David Erickson promoted
David Erickson promoted to Professor with Tenure starting July 1, 2015. Congratulations!
Prof. David Erickson is a Professor in the Sibley School of Mechanical and Aerospace Engineering at Cornell University. His research focuses on: mobile and global health technology, microfluidics, photonics, and nanotechnology. Prior to joining the faculty, he was a postdoctoral scholar at the California Institute of Technology and he received his Ph.D. degree from the University of Toronto. Research in the Erickson lab is primarily funded through grants from the NSF, NIH, ARPA-E, ONR, DOE and DARPA. Prof. Erickson has co-founded or helped to form several start-up companies commercializing smartphone enabled medical diagnostics, global health technologies, or high-throughput nanoparticle analysis instrumentation. In recent years, Dr. Erickson has received the DARPA-MTO Young Faculty Award, the NSF CAREER Award, and the Department of Energy Early Career Award. In 2011 he was awarded the Presidential Early Career Award for Scientist and Engineers (PECASE) by President Obama. For his efforts in co-founding the field of optofluidics, Erickson has been named a fellow of the Optical Society of America (OSA) and the American Society of Mechanical Engineers (ASME).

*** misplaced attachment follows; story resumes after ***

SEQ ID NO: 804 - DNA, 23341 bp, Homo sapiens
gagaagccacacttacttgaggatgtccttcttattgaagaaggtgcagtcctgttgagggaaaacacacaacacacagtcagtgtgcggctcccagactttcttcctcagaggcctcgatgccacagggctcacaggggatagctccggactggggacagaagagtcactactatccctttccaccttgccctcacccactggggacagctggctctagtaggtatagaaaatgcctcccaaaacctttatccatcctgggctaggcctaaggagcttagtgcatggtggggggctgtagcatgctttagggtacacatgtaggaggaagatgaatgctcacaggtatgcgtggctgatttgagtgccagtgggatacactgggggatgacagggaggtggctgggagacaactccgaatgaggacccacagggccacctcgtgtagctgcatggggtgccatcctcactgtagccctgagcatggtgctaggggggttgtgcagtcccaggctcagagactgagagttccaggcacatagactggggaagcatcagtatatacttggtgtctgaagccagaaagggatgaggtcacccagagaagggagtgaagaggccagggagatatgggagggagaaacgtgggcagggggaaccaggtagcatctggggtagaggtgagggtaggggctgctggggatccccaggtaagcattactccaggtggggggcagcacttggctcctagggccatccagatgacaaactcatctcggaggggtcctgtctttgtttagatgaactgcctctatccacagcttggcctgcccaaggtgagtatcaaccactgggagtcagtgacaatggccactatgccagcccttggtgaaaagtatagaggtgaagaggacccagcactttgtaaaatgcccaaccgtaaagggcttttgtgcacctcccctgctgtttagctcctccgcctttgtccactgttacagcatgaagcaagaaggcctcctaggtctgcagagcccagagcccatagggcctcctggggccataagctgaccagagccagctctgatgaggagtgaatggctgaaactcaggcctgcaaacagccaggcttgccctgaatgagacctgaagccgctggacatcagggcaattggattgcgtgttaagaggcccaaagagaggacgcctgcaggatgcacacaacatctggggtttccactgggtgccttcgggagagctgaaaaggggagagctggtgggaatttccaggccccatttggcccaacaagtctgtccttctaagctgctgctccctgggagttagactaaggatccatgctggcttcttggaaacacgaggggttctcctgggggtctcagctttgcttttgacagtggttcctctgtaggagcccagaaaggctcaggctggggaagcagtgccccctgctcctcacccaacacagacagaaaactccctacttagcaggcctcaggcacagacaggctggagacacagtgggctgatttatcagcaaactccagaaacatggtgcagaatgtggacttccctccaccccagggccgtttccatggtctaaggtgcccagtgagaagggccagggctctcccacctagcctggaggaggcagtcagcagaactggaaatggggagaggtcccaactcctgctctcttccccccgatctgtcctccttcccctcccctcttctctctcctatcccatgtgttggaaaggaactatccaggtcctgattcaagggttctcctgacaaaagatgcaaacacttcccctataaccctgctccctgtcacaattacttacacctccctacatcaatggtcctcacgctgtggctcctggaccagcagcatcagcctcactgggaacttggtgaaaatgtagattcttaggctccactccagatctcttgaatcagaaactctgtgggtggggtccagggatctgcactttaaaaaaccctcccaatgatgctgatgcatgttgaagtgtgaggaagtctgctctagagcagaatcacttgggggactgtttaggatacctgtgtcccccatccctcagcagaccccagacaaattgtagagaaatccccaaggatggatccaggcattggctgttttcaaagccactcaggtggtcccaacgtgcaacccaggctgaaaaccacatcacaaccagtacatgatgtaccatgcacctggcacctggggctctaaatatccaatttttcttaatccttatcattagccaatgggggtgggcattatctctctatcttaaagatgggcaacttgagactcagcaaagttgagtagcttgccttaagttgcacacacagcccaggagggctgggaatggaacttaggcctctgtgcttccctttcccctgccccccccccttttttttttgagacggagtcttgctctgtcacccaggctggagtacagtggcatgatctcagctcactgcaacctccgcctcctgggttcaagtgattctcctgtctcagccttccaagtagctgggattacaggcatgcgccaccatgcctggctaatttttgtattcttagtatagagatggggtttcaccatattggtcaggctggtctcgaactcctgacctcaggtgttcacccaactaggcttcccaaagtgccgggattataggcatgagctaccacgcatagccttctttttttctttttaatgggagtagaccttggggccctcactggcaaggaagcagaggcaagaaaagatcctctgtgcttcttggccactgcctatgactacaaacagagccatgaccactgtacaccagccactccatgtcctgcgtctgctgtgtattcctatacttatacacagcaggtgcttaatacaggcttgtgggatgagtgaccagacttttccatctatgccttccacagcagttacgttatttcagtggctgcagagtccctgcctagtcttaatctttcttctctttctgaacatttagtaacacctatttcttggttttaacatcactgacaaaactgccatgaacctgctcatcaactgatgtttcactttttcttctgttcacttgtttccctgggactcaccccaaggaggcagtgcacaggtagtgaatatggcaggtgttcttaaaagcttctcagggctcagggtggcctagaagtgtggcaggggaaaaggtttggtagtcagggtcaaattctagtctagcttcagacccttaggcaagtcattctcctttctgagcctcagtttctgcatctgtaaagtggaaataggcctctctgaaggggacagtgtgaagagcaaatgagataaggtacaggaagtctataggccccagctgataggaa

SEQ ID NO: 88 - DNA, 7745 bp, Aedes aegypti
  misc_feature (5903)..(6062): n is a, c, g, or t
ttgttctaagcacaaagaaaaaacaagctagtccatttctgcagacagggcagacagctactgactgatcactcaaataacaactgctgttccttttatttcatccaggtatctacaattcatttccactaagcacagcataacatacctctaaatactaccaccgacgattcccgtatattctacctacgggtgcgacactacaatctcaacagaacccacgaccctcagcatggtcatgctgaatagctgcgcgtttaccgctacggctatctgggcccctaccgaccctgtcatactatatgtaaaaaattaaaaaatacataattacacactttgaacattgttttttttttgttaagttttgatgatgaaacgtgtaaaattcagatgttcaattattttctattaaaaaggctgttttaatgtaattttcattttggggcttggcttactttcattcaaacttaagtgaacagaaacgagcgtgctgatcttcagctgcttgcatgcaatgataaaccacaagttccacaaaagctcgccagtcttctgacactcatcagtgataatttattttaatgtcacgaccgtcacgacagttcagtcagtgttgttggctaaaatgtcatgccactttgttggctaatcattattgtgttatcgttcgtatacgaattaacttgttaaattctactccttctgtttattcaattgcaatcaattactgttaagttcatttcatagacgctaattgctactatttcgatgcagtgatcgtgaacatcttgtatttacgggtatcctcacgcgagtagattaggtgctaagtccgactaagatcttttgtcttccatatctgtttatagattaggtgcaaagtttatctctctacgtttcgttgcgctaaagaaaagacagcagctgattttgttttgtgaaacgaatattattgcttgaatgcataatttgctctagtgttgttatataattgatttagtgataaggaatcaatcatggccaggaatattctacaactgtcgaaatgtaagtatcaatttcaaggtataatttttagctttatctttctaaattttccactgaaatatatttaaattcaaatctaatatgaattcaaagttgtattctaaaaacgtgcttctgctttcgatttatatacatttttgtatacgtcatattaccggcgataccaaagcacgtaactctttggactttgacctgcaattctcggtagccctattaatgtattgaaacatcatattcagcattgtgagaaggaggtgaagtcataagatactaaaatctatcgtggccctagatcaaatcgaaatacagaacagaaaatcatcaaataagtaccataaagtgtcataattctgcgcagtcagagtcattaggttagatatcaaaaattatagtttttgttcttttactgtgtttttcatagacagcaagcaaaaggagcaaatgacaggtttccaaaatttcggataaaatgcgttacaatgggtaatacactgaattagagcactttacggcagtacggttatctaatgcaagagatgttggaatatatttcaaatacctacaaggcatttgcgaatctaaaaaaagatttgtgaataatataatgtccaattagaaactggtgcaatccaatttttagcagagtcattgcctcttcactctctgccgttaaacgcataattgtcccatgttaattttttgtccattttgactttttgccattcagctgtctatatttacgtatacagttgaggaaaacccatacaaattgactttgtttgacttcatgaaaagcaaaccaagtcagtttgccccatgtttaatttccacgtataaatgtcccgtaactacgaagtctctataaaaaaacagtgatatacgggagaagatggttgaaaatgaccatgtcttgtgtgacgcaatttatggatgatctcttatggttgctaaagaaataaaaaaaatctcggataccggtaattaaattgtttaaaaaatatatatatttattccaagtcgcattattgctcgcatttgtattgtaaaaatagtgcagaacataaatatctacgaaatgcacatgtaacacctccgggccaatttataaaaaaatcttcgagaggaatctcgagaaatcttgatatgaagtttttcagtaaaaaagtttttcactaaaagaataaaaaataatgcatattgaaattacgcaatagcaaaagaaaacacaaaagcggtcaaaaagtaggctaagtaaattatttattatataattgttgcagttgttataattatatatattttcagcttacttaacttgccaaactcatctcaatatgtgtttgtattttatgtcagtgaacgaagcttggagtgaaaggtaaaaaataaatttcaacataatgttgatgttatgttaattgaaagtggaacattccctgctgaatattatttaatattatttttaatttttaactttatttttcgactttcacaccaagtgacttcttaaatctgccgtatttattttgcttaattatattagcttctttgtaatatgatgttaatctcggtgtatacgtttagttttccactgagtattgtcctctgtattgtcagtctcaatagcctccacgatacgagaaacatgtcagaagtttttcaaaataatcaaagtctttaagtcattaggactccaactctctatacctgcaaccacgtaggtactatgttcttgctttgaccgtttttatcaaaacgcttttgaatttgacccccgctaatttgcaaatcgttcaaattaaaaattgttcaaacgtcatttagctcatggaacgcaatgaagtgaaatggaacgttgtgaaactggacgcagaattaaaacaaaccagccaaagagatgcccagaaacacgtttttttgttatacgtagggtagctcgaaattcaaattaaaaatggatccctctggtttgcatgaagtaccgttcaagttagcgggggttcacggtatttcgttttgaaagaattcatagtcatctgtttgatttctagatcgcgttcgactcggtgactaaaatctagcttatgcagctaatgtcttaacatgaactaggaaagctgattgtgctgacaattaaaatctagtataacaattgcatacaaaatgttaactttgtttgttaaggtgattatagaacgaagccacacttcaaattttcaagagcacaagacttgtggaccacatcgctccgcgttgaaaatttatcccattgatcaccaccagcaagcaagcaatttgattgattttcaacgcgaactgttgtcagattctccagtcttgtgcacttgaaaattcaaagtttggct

The focus of his research at Cornell has been at the intersection of microfluidics and optics, applied largely to biomedical applications. Erickson’s group is experimentally based but they make use of numerical and analytical techniques to understand the underlying physics behind the systems under investigation and help guide their work. They have used their skills to address problems and develop technologies in a number of areas of including: bimolecular sensing and analysis, mobile & global health, biofuel production, and optofluidics and nanomanipulation.
Since joining Cornell he has been responsible for teaching four classes: ENGRD 2210 - Engineering Thermodynamics, MAE 6010 - Fundamentals of Fluid Dynamics and Aerodynamics, MAE 6560 - Nanoscale Energy Transport and Conversion, and MAE 6620 - Biomedical Technologies for Point-of-Care Diagnostics and Mobile/Global Health.